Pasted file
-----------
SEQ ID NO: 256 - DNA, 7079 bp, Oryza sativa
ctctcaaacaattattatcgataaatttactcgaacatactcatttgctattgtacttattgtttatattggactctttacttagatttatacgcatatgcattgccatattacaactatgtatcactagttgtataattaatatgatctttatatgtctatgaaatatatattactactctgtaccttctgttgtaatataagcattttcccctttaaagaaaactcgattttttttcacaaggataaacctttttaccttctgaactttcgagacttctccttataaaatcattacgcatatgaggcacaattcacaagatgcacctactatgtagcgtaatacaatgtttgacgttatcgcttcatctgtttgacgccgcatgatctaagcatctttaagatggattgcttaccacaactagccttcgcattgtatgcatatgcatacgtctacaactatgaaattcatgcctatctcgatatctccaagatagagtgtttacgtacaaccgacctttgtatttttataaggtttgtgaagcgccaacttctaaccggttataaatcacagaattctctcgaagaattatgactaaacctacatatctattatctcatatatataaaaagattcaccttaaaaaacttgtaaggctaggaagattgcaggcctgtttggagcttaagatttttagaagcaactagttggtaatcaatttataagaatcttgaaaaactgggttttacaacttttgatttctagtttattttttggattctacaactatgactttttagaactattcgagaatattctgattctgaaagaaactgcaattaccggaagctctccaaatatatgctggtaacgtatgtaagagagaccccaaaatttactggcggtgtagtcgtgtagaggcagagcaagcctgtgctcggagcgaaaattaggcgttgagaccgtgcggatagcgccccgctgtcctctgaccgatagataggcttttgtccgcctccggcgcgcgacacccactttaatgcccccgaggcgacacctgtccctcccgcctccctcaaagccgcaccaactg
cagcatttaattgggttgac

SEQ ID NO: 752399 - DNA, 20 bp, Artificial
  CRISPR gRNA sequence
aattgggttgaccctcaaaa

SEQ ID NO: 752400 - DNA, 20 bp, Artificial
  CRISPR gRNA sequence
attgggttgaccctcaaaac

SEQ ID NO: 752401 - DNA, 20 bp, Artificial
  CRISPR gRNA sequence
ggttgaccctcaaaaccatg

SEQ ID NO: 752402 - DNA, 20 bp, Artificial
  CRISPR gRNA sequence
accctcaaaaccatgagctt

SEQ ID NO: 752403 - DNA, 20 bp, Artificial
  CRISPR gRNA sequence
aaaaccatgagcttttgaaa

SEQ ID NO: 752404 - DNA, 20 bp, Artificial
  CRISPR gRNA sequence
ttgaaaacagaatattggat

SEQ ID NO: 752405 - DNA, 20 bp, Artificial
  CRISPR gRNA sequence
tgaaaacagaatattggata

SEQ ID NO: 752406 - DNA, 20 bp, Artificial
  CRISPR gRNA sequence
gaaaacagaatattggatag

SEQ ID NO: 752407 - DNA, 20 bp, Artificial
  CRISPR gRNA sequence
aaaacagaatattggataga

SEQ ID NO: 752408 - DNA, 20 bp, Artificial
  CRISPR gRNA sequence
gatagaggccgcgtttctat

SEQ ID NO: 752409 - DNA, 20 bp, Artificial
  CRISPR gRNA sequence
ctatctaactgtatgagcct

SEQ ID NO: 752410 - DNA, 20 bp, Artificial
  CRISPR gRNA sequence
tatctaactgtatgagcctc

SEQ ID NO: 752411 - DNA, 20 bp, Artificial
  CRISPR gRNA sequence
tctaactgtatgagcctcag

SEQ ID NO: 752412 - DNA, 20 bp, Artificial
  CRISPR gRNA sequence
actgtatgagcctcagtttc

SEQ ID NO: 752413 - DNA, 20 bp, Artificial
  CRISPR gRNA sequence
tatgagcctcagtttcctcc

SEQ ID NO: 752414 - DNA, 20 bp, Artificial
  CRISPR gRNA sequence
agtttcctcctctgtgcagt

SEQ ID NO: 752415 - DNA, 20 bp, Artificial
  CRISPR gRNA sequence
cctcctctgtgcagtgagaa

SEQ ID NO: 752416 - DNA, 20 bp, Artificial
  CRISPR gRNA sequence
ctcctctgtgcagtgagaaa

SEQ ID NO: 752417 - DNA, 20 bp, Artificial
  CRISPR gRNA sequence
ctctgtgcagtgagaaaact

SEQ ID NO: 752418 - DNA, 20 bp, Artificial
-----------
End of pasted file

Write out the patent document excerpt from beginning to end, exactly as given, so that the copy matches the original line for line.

SEQ ID NO: 256 - DNA, 7079 bp, Oryza sativa
ctctcaaacaattattatcgataaatttactcgaacatactcatttgctattgtacttattgtttatattggactctttacttagatttatacgcatatgcattgccatattacaactatgtatcactagttgtataattaatatgatctttatatgtctatgaaatatatattactactctgtaccttctgttgtaatataagcattttcccctttaaagaaaactcgattttttttcacaaggataaacctttttaccttctgaactttcgagacttctccttataaaatcattacgcatatgaggcacaattcacaagatgcacctactatgtagcgtaatacaatgtttgacgttatcgcttcatctgtttgacgccgcatgatctaagcatctttaagatggattgcttaccacaactagccttcgcattgtatgcatatgcatacgtctacaactatgaaattcatgcctatctcgatatctccaagatagagtgtttacgtacaaccgacctttgtatttttataaggtttgtgaagcgccaacttctaaccggttataaatcacagaattctctcgaagaattatgactaaacctacatatctattatctcatatatataaaaagattcaccttaaaaaacttgtaaggctaggaagattgcaggcctgtttggagcttaagatttttagaagcaactagttggtaatcaatttataagaatcttgaaaaactgggttttacaacttttgatttctagtttattttttggattctacaactatgactttttagaactattcgagaatattctgattctgaaagaaactgcaattaccggaagctctccaaatatatgctggtaacgtatgtaagagagaccccaaaatttactggcggtgtagtcgtgtagaggcagagcaagcctgtgctcggagcgaaaattaggcgttgagaccgtgcggatagcgccccgctgtcctctgaccgatagataggcttttgtccgcctccggcgcgcgacacccactttaatgcccccgaggcgacacctgtccctcccgcctccctcaaagccgcaccaactg
cagcatttaattgggttgac

SEQ ID NO: 752399 - DNA, 20 bp, Artificial
  CRISPR gRNA sequence
aattgggttgaccctcaaaa

SEQ ID NO: 752400 - DNA, 20 bp, Artificial
  CRISPR gRNA sequence
attgggttgaccctcaaaac

SEQ ID NO: 752401 - DNA, 20 bp, Artificial
  CRISPR gRNA sequence
ggttgaccctcaaaaccatg

SEQ ID NO: 752402 - DNA, 20 bp, Artificial
  CRISPR gRNA sequence
accctcaaaaccatgagctt

SEQ ID NO: 752403 - DNA, 20 bp, Artificial
  CRISPR gRNA sequence
aaaaccatgagcttttgaaa

SEQ ID NO: 752404 - DNA, 20 bp, Artificial
  CRISPR gRNA sequence
ttgaaaacagaatattggat

SEQ ID NO: 752405 - DNA, 20 bp, Artificial
  CRISPR gRNA sequence
tgaaaacagaatattggata

SEQ ID NO: 752406 - DNA, 20 bp, Artificial
  CRISPR gRNA sequence
gaaaacagaatattggatag

SEQ ID NO: 752407 - DNA, 20 bp, Artificial
  CRISPR gRNA sequence
aaaacagaatattggataga

SEQ ID NO: 752408 - DNA, 20 bp, Artificial
  CRISPR gRNA sequence
gatagaggccgcgtttctat

SEQ ID NO: 752409 - DNA, 20 bp, Artificial
  CRISPR gRNA sequence
ctatctaactgtatgagcct

SEQ ID NO: 752410 - DNA, 20 bp, Artificial
  CRISPR gRNA sequence
tatctaactgtatgagcctc

SEQ ID NO: 752411 - DNA, 20 bp, Artificial
  CRISPR gRNA sequence
tctaactgtatgagcctcag

SEQ ID NO: 752412 - DNA, 20 bp, Artificial
  CRISPR gRNA sequence
actgtatgagcctcagtttc

SEQ ID NO: 752413 - DNA, 20 bp, Artificial
  CRISPR gRNA sequence
tatgagcctcagtttcctcc

SEQ ID NO: 752414 - DNA, 20 bp, Artificial
  CRISPR gRNA sequence
agtttcctcctctgtgcagt

SEQ ID NO: 752415 - DNA, 20 bp, Artificial
  CRISPR gRNA sequence
cctcctctgtgcagtgagaa

SEQ ID NO: 752416 - DNA, 20 bp, Artificial
  CRISPR gRNA sequence
ctcctctgtgcagtgagaaa

SEQ ID NO: 752417 - DNA, 20 bp, Artificial
  CRISPR gRNA sequence
ctctgtgcagtgagaaaact

SEQ ID NO: 752418 - DNA, 20 bp, Artificial